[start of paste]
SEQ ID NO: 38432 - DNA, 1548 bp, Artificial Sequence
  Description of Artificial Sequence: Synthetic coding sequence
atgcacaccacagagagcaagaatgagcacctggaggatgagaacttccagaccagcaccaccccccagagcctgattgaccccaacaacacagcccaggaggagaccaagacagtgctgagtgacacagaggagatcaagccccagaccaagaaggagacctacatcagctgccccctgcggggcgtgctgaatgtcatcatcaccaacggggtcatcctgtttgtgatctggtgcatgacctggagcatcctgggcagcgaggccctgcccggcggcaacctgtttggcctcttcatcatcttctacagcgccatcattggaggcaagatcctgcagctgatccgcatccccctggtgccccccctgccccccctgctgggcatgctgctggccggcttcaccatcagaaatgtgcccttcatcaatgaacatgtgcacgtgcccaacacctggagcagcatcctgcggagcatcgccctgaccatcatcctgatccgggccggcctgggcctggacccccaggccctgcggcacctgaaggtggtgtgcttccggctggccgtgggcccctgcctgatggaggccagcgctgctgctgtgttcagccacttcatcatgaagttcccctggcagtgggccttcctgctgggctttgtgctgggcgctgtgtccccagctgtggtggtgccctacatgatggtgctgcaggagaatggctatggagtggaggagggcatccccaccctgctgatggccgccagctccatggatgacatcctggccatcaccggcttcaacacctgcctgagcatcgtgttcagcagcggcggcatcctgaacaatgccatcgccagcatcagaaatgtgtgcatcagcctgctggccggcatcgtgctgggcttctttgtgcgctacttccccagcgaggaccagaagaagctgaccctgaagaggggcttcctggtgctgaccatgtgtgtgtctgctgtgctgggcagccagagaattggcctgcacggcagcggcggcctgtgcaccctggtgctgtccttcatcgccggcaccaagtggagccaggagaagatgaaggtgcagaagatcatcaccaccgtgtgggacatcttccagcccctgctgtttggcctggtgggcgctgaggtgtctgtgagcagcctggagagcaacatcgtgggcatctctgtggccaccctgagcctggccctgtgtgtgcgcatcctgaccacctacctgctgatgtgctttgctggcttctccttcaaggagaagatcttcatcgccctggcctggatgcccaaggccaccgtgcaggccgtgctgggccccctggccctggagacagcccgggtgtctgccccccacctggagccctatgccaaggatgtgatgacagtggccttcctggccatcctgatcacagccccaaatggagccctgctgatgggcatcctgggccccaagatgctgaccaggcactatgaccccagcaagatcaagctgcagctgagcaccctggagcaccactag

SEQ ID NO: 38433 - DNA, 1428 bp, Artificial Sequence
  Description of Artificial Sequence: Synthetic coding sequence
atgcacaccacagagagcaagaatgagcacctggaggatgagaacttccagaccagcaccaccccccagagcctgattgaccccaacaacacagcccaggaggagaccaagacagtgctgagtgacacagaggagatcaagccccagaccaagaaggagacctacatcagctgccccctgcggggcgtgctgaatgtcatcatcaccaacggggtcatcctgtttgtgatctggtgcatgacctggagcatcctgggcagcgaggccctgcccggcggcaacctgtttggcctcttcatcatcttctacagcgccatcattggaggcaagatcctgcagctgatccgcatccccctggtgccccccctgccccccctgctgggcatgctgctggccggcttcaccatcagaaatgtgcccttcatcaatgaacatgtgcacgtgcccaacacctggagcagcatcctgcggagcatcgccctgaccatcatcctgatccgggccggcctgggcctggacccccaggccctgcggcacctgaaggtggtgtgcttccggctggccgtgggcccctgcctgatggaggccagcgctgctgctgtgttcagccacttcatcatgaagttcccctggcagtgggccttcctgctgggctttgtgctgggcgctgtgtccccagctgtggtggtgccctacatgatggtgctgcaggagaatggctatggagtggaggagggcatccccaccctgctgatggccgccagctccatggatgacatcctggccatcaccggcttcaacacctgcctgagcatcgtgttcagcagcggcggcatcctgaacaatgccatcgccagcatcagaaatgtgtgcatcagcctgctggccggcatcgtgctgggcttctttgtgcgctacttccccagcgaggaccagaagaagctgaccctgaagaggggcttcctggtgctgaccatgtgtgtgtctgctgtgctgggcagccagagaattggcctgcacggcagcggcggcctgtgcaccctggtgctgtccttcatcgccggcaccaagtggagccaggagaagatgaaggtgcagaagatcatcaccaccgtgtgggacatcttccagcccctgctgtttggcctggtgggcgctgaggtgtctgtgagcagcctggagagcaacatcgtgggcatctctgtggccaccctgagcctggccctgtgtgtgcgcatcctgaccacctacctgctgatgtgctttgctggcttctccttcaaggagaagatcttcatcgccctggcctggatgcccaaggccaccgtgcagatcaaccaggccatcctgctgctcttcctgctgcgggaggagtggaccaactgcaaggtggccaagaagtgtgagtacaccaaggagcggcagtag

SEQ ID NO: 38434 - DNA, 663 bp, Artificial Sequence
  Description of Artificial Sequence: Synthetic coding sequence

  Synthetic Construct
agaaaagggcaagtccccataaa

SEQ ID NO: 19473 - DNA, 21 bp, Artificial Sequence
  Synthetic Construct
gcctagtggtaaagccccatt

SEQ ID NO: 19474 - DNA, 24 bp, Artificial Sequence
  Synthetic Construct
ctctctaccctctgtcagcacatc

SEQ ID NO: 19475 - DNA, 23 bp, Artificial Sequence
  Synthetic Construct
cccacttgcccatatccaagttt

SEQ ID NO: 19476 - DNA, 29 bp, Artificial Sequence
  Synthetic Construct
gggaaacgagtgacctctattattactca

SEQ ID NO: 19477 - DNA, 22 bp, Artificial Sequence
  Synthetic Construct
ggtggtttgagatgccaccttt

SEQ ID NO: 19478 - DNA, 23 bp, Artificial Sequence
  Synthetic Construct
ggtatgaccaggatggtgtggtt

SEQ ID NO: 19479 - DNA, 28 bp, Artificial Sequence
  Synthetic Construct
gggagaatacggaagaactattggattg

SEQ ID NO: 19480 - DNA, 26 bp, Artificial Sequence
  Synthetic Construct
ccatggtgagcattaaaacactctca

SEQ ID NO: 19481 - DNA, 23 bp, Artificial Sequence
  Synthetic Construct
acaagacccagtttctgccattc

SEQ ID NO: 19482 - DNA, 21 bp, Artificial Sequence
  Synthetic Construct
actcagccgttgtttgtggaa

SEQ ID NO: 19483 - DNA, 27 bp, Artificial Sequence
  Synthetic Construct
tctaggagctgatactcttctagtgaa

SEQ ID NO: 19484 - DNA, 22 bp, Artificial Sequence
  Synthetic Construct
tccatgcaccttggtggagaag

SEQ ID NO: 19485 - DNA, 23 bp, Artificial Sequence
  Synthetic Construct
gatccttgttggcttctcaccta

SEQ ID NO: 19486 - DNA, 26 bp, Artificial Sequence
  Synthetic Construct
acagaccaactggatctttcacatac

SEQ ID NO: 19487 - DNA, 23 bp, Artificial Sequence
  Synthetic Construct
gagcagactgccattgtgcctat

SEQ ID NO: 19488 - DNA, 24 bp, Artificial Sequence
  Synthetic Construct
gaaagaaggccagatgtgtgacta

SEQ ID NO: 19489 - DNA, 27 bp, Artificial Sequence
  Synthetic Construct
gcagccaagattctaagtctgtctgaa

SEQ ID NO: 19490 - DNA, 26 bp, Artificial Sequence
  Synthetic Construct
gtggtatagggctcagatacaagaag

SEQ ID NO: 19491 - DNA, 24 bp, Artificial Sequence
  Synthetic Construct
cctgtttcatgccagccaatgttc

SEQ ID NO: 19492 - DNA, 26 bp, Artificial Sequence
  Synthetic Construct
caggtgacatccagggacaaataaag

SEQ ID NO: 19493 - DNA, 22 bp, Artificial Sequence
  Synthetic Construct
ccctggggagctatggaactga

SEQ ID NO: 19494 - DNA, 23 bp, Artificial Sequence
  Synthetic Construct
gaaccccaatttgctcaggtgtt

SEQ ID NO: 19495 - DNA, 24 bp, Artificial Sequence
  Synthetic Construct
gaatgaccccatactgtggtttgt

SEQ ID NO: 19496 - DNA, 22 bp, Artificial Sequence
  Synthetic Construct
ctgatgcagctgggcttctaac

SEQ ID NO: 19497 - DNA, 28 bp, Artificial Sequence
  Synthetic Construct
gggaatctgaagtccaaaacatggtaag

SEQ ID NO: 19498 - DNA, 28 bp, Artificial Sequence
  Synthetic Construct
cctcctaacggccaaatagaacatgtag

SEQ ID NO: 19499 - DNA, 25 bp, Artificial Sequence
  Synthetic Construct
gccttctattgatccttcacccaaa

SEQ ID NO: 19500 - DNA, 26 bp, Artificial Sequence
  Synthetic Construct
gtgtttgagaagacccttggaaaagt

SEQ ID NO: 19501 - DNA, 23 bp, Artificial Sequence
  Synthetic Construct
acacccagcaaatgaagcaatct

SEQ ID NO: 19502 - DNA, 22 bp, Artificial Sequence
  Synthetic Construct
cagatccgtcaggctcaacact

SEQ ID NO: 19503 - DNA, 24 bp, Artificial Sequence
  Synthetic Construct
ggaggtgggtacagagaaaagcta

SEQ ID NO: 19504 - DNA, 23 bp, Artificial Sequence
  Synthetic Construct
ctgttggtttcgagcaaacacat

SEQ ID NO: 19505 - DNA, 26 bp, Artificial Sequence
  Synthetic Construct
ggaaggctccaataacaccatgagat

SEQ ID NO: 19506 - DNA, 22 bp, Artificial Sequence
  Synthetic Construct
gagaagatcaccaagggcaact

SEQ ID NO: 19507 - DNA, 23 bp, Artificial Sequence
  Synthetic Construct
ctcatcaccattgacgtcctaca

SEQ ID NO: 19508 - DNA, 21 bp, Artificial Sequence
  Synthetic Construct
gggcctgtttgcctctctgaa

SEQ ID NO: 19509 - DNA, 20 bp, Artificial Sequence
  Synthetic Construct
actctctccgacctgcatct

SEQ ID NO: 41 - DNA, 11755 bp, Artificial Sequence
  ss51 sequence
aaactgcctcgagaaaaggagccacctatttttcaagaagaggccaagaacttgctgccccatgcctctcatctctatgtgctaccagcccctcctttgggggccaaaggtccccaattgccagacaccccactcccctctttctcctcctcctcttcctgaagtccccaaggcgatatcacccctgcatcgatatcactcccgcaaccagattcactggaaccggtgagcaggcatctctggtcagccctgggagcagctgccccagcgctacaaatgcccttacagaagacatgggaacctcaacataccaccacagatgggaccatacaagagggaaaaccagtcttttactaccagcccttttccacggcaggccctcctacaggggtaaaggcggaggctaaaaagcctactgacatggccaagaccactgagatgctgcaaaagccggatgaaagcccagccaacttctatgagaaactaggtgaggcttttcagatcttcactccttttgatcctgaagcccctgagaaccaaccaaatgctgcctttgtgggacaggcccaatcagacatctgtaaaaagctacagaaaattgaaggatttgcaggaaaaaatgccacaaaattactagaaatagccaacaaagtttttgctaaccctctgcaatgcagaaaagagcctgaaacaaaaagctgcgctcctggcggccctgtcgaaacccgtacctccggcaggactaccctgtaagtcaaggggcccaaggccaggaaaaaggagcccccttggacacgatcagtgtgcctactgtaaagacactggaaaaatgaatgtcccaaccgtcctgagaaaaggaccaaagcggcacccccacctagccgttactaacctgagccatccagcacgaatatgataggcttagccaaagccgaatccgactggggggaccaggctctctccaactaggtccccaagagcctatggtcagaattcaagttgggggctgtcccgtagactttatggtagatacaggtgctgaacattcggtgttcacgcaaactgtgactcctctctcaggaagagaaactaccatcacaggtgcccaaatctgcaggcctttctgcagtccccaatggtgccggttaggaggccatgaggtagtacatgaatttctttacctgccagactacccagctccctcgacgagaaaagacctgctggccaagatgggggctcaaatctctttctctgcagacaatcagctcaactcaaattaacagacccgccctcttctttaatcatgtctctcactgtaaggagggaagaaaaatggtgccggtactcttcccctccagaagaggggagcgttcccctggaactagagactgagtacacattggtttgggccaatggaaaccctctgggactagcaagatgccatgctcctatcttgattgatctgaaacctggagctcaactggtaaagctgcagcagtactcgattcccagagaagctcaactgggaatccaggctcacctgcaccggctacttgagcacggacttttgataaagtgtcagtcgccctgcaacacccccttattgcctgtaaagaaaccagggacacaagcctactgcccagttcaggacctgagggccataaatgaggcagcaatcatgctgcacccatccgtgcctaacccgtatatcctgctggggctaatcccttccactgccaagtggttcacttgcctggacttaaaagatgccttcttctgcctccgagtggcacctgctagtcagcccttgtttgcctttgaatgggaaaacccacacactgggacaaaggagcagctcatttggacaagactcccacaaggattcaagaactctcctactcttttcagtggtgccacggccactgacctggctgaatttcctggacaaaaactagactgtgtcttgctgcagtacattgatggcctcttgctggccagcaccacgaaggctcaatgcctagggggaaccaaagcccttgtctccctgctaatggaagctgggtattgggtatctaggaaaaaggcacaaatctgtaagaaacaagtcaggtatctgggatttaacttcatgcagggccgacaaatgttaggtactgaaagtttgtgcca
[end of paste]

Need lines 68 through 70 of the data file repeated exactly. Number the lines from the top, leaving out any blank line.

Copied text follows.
SEQ ID NO: 19492 - DNA, 26 bp, Artificial Sequence
  Synthetic Construct
caggtgacatccagggacaaataaag